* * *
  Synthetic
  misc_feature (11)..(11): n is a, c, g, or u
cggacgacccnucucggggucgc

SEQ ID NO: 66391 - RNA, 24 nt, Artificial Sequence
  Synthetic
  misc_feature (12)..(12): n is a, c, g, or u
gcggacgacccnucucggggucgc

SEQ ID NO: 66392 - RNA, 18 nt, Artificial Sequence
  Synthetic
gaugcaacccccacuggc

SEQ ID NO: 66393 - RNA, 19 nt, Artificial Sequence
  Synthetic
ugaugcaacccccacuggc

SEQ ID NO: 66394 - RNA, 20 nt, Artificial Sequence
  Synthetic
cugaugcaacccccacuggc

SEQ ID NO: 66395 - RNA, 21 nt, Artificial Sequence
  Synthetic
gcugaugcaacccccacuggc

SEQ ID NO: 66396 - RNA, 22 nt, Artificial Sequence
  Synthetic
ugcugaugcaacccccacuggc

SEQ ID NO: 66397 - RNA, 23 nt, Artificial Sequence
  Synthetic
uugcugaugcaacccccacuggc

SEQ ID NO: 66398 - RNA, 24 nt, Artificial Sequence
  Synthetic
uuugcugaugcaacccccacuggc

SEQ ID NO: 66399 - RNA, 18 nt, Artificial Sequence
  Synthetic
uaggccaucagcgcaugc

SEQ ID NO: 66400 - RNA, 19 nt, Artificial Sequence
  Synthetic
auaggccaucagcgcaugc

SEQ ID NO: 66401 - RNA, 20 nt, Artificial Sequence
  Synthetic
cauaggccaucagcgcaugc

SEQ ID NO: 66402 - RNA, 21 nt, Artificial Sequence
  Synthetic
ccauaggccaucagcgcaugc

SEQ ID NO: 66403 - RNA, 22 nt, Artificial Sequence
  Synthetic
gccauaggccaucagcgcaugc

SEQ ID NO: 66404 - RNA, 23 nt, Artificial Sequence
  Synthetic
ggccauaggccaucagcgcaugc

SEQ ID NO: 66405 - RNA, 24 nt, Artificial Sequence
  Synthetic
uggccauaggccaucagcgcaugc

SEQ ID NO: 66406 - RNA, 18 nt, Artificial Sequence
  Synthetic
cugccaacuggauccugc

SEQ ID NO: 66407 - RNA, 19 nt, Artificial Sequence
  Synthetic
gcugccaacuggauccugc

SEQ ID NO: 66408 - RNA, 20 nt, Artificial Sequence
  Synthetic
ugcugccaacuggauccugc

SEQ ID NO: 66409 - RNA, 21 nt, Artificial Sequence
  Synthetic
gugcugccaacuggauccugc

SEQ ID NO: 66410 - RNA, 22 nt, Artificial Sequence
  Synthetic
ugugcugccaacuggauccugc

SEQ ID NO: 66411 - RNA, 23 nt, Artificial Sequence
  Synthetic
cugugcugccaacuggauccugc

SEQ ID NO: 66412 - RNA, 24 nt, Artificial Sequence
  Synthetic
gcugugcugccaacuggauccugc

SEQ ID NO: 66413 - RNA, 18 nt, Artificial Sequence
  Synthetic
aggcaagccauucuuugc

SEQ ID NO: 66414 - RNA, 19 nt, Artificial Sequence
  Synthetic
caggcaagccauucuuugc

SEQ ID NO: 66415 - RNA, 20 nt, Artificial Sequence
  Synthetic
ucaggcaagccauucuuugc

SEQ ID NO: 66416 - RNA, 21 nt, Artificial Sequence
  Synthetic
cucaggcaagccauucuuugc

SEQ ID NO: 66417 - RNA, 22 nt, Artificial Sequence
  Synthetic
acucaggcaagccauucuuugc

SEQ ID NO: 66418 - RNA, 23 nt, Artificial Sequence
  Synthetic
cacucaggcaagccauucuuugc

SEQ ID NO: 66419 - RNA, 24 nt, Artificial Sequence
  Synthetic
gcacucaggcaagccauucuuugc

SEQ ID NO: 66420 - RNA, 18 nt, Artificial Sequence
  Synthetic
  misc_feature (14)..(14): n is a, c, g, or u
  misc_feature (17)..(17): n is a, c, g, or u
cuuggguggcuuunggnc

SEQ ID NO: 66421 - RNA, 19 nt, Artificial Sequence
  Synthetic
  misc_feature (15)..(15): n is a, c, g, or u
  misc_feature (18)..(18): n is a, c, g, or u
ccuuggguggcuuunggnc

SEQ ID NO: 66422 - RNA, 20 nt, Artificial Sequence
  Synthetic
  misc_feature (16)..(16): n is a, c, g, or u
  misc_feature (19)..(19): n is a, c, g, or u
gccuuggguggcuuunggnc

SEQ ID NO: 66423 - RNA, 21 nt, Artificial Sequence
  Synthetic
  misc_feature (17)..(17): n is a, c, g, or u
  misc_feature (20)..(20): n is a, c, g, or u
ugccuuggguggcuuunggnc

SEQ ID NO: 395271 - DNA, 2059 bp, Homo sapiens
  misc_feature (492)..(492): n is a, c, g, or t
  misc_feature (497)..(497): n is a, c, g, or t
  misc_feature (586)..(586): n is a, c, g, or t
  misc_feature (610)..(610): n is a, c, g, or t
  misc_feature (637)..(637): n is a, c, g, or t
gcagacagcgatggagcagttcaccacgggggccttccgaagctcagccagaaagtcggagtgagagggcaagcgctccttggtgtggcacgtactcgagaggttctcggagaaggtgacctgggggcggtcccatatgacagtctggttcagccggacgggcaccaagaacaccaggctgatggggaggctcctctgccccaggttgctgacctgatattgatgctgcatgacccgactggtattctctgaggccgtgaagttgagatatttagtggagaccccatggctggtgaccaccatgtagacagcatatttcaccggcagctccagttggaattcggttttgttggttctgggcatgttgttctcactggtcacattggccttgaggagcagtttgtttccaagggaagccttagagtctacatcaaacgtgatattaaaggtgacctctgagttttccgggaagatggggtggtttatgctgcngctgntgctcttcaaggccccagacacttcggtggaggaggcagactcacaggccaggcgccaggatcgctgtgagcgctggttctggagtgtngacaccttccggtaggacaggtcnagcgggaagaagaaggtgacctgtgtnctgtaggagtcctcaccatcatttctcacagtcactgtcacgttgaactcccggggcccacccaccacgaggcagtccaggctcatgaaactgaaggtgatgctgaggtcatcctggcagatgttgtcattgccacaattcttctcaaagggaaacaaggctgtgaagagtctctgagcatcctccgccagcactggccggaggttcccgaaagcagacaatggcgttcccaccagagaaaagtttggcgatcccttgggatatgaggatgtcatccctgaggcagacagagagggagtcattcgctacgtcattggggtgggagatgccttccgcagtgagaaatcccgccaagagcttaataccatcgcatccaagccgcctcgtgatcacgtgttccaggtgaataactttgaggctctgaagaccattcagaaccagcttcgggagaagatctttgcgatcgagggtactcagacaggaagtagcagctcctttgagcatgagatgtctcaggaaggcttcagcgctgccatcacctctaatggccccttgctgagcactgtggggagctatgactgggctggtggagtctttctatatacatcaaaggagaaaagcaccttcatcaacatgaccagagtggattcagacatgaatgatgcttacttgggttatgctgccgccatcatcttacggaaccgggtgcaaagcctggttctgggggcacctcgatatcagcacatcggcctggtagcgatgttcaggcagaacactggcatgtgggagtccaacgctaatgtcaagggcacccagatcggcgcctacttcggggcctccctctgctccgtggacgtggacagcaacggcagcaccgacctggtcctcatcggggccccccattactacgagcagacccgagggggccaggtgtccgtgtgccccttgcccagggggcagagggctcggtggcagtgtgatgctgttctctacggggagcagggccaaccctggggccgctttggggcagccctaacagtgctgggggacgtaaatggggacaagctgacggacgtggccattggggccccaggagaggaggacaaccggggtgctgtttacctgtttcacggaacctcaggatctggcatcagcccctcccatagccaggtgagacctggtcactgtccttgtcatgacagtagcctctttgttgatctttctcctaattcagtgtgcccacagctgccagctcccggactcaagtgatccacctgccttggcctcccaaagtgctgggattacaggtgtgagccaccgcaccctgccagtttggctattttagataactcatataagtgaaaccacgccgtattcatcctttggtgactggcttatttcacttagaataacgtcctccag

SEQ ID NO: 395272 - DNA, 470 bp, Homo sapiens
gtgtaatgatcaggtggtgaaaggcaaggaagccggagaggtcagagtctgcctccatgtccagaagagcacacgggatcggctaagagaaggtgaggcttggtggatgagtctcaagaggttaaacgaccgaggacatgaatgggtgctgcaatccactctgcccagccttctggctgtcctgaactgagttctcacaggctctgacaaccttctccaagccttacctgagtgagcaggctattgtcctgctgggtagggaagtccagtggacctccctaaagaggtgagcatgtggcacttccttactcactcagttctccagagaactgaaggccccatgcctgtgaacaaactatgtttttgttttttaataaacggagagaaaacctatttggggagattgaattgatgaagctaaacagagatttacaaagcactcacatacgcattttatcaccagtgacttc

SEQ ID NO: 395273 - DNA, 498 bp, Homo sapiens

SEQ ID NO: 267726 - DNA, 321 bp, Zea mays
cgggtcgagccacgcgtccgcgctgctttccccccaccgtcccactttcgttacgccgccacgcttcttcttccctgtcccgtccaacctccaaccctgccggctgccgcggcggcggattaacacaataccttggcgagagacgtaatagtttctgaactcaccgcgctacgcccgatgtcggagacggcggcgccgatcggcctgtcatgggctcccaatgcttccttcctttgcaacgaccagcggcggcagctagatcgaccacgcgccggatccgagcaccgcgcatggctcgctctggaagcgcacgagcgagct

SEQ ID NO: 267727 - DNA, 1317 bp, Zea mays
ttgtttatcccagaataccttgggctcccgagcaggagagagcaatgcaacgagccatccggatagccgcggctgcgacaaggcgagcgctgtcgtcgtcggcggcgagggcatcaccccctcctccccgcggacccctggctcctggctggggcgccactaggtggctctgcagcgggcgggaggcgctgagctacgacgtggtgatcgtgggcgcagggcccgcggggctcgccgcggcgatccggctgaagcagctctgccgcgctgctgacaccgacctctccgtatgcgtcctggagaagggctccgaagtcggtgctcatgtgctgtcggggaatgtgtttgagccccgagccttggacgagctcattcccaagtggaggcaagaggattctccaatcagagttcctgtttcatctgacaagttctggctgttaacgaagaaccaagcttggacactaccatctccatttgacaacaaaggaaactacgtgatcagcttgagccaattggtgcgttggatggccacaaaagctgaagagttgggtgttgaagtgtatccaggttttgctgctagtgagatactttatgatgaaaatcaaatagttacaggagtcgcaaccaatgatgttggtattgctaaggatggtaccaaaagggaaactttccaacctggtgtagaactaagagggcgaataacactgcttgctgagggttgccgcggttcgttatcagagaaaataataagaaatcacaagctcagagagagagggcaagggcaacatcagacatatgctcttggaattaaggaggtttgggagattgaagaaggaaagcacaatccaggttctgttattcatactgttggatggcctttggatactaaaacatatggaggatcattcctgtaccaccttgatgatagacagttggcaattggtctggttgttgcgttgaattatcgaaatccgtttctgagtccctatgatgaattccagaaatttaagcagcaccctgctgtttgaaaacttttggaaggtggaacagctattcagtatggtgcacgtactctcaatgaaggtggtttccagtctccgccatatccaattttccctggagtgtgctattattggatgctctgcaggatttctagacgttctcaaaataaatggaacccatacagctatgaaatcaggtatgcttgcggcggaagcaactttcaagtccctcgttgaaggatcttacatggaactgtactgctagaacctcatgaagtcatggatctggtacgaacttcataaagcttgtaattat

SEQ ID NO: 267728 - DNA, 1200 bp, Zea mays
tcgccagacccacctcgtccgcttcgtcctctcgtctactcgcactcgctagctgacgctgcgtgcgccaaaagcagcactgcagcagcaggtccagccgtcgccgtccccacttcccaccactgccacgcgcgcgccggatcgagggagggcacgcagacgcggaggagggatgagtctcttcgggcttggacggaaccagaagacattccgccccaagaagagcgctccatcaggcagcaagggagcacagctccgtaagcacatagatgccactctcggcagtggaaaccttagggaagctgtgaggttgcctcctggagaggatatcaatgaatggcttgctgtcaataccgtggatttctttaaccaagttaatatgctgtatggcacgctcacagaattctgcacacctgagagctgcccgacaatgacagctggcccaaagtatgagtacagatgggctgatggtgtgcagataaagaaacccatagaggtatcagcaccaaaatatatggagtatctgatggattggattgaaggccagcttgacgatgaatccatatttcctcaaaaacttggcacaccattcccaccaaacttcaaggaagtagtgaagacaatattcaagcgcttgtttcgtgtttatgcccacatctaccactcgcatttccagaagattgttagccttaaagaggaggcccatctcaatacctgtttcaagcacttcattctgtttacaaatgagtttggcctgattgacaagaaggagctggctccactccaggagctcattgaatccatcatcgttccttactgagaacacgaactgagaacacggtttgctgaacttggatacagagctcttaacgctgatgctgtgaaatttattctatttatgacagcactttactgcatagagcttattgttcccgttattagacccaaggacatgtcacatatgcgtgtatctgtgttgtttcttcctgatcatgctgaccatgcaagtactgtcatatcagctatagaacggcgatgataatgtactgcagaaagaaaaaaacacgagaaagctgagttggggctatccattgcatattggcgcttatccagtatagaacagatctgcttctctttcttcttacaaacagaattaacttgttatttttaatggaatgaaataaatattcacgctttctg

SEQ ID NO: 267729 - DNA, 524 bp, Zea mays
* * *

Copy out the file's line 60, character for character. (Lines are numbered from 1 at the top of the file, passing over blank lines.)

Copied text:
  Synthetic